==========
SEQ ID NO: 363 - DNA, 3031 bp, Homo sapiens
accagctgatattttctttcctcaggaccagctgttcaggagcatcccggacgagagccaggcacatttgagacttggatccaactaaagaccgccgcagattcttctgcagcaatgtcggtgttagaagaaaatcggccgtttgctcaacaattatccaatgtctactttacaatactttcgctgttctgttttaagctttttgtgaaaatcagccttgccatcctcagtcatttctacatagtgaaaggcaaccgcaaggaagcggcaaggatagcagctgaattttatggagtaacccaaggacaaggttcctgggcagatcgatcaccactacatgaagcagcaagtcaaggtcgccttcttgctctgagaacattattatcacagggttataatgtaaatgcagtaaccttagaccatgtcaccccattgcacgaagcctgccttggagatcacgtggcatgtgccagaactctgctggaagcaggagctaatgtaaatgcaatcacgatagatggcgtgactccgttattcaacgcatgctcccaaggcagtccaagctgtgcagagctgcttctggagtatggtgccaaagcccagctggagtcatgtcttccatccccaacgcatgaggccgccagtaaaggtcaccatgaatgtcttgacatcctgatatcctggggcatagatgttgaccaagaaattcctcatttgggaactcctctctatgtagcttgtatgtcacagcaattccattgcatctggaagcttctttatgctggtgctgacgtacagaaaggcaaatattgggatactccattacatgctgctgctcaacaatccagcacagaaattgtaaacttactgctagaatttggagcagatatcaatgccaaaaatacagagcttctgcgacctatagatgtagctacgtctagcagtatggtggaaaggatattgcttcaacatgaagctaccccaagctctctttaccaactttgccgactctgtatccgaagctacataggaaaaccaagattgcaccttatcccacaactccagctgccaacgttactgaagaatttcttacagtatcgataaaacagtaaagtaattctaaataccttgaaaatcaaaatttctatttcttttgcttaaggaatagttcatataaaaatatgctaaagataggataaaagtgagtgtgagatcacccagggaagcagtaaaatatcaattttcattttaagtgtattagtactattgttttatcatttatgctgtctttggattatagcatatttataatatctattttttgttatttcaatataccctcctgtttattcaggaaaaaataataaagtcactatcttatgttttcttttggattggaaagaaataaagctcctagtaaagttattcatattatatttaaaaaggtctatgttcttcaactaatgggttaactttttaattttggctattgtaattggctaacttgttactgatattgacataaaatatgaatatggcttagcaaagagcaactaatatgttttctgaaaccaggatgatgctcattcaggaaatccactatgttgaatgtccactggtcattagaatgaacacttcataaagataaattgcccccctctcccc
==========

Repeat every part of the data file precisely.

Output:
SEQ ID NO: 363 - DNA, 3031 bp, Homo sapiens
accagctgatattttctttcctcaggaccagctgttcaggagcatcccggacgagagccaggcacatttgagacttggatccaactaaagaccgccgcagattcttctgcagcaatgtcggtgttagaagaaaatcggccgtttgctcaacaattatccaatgtctactttacaatactttcgctgttctgttttaagctttttgtgaaaatcagccttgccatcctcagtcatttctacatagtgaaaggcaaccgcaaggaagcggcaaggatagcagctgaattttatggagtaacccaaggacaaggttcctgggcagatcgatcaccactacatgaagcagcaagtcaaggtcgccttcttgctctgagaacattattatcacagggttataatgtaaatgcagtaaccttagaccatgtcaccccattgcacgaagcctgccttggagatcacgtggcatgtgccagaactctgctggaagcaggagctaatgtaaatgcaatcacgatagatggcgtgactccgttattcaacgcatgctcccaaggcagtccaagctgtgcagagctgcttctggagtatggtgccaaagcccagctggagtcatgtcttccatccccaacgcatgaggccgccagtaaaggtcaccatgaatgtcttgacatcctgatatcctggggcatagatgttgaccaagaaattcctcatttgggaactcctctctatgtagcttgtatgtcacagcaattccattgcatctggaagcttctttatgctggtgctgacgtacagaaaggcaaatattgggatactccattacatgctgctgctcaacaatccagcacagaaattgtaaacttactgctagaatttggagcagatatcaatgccaaaaatacagagcttctgcgacctatagatgtagctacgtctagcagtatggtggaaaggatattgcttcaacatgaagctaccccaagctctctttaccaactttgccgactctgtatccgaagctacataggaaaaccaagattgcaccttatcccacaactccagctgccaacgttactgaagaatttcttacagtatcgataaaacagtaaagtaattctaaataccttgaaaatcaaaatttctatttcttttgcttaaggaatagttcatataaaaatatgctaaagataggataaaagtgagtgtgagatcacccagggaagcagtaaaatatcaattttcattttaagtgtattagtactattgttttatcatttatgctgtctttggattatagcatatttataatatctattttttgttatttcaatataccctcctgtttattcaggaaaaaataataaagtcactatcttatgttttcttttggattggaaagaaataaagctcctagtaaagttattcatattatatttaaaaaggtctatgttcttcaactaatgggttaactttttaattttggctattgtaattggctaacttgttactgatattgacataaaatatgaatatggcttagcaaagagcaactaatatgttttctgaaaccaggatgatgctcattcaggaaatccactatgttgaatgtccactggtcattagaatgaacacttcataaagataaattgcccccctctcccc